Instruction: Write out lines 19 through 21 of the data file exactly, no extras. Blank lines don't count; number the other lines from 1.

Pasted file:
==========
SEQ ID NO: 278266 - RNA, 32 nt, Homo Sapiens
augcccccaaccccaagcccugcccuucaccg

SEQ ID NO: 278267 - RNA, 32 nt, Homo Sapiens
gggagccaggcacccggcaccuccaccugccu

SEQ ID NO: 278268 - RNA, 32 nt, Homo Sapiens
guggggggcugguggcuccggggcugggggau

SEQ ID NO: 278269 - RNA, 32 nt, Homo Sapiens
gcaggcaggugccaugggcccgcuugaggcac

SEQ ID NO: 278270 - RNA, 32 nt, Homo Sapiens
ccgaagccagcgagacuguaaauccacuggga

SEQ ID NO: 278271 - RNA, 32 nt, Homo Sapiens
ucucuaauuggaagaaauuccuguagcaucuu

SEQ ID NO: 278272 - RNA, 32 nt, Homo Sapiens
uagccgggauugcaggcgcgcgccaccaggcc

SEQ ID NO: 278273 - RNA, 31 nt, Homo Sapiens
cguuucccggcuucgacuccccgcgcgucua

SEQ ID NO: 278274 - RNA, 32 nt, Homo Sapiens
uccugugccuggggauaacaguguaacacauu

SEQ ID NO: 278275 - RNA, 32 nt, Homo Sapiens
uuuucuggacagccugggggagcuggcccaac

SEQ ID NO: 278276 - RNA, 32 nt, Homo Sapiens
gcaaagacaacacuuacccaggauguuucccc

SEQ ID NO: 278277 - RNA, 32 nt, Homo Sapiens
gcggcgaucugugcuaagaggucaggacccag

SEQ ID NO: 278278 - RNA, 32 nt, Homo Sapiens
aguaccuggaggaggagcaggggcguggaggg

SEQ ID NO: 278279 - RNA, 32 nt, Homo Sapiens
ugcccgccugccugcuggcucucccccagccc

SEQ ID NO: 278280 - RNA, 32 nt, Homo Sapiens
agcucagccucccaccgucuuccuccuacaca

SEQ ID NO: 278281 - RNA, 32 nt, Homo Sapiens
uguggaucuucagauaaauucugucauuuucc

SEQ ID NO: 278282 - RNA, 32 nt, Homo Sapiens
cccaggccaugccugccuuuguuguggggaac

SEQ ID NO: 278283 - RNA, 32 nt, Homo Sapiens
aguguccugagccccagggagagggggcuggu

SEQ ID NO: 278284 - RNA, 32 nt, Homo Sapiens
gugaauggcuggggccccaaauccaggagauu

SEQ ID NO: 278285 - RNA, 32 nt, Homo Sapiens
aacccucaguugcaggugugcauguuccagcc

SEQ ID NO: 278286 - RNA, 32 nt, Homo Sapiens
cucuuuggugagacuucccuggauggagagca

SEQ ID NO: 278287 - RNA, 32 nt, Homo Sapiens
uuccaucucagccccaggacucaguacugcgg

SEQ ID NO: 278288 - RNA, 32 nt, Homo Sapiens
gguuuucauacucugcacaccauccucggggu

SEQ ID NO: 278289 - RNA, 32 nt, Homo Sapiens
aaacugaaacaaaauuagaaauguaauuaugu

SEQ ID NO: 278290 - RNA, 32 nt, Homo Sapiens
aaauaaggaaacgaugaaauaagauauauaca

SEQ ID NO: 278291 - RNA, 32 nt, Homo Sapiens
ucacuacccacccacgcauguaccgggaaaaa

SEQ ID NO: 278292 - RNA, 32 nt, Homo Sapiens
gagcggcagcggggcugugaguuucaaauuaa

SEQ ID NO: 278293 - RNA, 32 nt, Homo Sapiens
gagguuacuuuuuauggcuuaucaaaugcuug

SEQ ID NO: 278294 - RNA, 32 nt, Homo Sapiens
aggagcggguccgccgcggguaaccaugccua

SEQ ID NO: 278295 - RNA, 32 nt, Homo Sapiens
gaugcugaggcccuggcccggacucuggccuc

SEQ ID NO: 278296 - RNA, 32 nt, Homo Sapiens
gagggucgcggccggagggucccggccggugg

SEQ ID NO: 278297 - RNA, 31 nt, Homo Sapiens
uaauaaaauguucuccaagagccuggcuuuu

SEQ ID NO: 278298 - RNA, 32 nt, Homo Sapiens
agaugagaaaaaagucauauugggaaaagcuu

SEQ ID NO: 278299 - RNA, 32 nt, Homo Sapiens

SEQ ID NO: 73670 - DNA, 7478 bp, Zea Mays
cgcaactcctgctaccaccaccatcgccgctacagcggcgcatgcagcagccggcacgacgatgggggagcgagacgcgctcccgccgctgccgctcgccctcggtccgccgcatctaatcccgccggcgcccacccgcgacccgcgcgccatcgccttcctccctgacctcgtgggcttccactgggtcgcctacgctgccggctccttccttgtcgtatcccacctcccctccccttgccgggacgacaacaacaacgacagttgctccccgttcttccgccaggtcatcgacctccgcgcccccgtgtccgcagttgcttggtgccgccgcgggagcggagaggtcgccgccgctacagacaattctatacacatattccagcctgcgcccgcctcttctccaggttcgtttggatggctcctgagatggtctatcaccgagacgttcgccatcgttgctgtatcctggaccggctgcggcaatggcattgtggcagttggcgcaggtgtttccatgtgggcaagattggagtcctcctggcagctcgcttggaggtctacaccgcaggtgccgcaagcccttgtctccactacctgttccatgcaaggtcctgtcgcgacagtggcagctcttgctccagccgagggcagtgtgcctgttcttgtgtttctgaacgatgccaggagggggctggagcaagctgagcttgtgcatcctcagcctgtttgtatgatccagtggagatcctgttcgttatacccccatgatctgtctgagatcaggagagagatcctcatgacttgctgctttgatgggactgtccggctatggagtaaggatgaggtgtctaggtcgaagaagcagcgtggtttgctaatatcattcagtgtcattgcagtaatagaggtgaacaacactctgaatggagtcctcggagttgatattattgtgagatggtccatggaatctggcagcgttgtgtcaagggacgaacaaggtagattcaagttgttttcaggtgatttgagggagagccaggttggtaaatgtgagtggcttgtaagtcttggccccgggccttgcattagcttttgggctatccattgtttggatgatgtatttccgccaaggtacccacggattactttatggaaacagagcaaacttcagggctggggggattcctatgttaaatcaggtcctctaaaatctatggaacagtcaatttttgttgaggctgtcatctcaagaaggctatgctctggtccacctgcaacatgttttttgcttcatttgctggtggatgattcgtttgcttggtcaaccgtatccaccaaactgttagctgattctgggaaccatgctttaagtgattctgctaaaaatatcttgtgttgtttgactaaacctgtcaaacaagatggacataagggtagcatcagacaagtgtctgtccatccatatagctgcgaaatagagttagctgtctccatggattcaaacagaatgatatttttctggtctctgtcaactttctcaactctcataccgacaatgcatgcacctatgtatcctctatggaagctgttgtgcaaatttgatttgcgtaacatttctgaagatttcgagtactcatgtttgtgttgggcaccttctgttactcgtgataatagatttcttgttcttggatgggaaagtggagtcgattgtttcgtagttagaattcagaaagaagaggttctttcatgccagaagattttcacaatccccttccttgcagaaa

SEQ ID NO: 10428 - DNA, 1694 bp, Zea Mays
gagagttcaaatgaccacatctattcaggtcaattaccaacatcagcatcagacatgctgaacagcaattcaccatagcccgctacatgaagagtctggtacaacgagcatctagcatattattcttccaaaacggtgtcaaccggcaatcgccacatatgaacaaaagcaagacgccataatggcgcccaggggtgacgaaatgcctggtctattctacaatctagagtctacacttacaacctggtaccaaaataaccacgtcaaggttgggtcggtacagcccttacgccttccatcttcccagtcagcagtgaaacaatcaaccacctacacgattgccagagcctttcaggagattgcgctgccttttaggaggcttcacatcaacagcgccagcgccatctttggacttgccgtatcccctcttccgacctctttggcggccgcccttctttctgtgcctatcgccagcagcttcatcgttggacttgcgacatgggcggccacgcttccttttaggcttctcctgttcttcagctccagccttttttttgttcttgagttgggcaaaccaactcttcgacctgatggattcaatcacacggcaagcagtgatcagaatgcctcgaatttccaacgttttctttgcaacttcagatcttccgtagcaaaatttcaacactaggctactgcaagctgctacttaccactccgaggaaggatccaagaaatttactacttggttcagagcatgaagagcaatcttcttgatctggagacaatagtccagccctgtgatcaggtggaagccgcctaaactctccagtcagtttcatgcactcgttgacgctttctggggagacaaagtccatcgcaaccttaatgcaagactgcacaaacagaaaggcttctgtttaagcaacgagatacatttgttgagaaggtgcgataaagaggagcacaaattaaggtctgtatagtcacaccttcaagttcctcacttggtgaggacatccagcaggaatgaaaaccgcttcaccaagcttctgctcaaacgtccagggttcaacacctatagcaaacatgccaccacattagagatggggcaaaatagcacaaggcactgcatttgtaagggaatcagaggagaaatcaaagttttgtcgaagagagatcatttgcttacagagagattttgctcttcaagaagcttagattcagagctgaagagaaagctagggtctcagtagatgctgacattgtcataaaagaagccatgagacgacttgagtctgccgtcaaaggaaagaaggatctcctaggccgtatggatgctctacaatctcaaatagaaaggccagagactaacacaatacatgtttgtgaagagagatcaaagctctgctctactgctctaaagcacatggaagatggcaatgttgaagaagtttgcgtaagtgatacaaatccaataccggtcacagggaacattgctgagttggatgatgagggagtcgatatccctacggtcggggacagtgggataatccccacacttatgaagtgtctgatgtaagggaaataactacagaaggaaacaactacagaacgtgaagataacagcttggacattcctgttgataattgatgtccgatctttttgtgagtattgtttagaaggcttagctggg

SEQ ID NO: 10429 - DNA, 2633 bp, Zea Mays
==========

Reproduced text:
SEQ ID NO: 278275 - RNA, 32 nt, Homo Sapiens
uuuucuggacagccugggggagcuggcccaac

SEQ ID NO: 278276 - RNA, 32 nt, Homo Sapiens